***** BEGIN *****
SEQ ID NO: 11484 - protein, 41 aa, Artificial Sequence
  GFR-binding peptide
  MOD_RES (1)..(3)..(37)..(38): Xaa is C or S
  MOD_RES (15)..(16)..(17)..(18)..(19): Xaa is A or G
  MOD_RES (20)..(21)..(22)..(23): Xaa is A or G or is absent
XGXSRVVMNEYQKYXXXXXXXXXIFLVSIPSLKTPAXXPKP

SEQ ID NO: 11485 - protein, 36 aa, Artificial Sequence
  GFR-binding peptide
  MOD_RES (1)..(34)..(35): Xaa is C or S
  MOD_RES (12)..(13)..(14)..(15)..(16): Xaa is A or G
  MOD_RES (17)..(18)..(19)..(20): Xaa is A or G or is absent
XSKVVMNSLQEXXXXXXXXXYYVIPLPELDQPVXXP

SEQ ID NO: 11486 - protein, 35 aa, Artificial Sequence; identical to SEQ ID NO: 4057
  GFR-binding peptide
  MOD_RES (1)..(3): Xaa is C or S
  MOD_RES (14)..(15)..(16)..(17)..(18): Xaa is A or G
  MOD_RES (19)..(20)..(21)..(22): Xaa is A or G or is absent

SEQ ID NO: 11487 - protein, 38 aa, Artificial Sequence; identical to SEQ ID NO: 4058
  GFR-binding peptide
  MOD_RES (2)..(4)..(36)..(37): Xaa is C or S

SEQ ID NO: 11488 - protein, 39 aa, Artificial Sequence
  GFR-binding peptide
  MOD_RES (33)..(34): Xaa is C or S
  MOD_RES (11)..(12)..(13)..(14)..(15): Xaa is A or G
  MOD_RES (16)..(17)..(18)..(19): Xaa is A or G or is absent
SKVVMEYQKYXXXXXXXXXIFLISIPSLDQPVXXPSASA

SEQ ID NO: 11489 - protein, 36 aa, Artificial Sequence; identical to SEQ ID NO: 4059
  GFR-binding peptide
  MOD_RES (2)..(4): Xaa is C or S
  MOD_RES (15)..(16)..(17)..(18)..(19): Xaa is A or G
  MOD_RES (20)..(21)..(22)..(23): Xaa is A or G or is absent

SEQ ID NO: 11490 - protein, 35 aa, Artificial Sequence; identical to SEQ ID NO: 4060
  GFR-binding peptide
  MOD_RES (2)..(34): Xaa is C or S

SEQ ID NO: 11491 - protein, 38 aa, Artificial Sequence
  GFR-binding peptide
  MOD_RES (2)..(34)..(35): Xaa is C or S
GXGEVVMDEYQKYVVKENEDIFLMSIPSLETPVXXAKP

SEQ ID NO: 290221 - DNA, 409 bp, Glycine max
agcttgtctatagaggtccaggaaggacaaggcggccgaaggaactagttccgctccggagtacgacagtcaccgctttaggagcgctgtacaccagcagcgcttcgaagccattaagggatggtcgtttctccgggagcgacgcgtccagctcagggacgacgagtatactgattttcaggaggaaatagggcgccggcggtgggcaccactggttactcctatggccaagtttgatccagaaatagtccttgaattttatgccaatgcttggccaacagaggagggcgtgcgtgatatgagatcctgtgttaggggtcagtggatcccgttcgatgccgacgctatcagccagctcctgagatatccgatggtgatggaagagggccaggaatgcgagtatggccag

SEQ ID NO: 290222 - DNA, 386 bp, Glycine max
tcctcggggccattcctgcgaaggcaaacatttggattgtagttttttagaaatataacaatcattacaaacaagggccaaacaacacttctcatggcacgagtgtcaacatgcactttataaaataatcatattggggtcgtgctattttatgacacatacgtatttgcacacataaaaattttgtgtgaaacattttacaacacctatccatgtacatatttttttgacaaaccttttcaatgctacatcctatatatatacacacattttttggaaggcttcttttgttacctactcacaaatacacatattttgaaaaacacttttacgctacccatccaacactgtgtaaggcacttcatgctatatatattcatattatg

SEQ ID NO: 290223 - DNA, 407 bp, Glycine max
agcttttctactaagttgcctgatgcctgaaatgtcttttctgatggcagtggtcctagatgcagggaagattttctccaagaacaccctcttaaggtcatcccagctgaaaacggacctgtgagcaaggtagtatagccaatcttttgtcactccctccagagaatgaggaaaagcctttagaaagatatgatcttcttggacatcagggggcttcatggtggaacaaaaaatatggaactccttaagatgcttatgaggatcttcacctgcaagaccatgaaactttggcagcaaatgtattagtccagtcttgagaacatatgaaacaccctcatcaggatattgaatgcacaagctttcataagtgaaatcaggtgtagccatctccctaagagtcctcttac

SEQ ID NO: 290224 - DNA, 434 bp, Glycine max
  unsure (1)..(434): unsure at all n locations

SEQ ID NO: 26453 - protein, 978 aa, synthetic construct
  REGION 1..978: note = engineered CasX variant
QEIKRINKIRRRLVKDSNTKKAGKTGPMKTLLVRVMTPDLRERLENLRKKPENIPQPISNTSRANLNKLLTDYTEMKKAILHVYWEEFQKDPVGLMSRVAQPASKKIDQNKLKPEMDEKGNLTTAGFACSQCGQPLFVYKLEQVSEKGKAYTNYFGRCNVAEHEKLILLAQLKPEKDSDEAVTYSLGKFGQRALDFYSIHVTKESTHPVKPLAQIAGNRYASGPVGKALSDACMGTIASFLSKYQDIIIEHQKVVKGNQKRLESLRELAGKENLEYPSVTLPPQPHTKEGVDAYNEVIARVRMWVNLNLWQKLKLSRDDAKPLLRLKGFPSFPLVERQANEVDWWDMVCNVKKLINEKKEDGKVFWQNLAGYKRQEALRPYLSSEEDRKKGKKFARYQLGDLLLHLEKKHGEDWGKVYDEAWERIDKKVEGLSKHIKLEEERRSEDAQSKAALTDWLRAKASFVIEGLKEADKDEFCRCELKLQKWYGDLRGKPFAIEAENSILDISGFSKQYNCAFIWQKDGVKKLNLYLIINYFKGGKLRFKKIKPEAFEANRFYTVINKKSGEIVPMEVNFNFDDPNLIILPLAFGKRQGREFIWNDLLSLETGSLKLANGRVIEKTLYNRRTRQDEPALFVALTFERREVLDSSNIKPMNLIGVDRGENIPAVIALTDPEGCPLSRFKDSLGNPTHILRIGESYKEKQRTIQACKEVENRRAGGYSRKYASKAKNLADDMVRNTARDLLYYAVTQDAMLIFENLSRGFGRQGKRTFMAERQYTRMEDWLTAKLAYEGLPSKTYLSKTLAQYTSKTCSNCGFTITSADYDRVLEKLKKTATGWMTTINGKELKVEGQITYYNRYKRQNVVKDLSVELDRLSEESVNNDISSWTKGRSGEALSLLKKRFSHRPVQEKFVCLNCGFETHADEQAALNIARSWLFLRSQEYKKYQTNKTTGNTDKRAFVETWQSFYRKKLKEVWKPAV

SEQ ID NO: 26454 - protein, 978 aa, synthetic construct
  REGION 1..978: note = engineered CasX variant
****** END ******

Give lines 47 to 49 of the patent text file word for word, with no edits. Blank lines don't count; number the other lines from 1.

SEQ ID NO: 26453 - protein, 978 aa, synthetic construct
  REGION 1..978: note = engineered CasX variant
QEIKRINKIRRRLVKDSNTKKAGKTGPMKTLLVRVMTPDLRERLENLRKKPENIPQPISNTSRANLNKLLTDYTEMKKAILHVYWEEFQKDPVGLMSRVAQPASKKIDQNKLKPEMDEKGNLTTAGFACSQCGQPLFVYKLEQVSEKGKAYTNYFGRCNVAEHEKLILLAQLKPEKDSDEAVTYSLGKFGQRALDFYSIHVTKESTHPVKPLAQIAGNRYASGPVGKALSDACMGTIASFLSKYQDIIIEHQKVVKGNQKRLESLRELAGKENLEYPSVTLPPQPHTKEGVDAYNEVIARVRMWVNLNLWQKLKLSRDDAKPLLRLKGFPSFPLVERQANEVDWWDMVCNVKKLINEKKEDGKVFWQNLAGYKRQEALRPYLSSEEDRKKGKKFARYQLGDLLLHLEKKHGEDWGKVYDEAWERIDKKVEGLSKHIKLEEERRSEDAQSKAALTDWLRAKASFVIEGLKEADKDEFCRCELKLQKWYGDLRGKPFAIEAENSILDISGFSKQYNCAFIWQKDGVKKLNLYLIINYFKGGKLRFKKIKPEAFEANRFYTVINKKSGEIVPMEVNFNFDDPNLIILPLAFGKRQGREFIWNDLLSLETGSLKLANGRVIEKTLYNRRTRQDEPALFVALTFERREVLDSSNIKPMNLIGVDRGENIPAVIALTDPEGCPLSRFKDSLGNPTHILRIGESYKEKQRTIQACKEVENRRAGGYSRKYASKAKNLADDMVRNTARDLLYYAVTQDAMLIFENLSRGFGRQGKRTFMAERQYTRMEDWLTAKLAYEGLPSKTYLSKTLAQYTSKTCSNCGFTITSADYDRVLEKLKKTATGWMTTINGKELKVEGQITYYNRYKRQNVVKDLSVELDRLSEESVNNDISSWTKGRSGEALSLLKKRFSHRPVQEKFVCLNCGFETHADEQAALNIARSWLFLRSQEYKKYQTNKTTGNTDKRAFVETWQSFYRKKLKEVWKPAV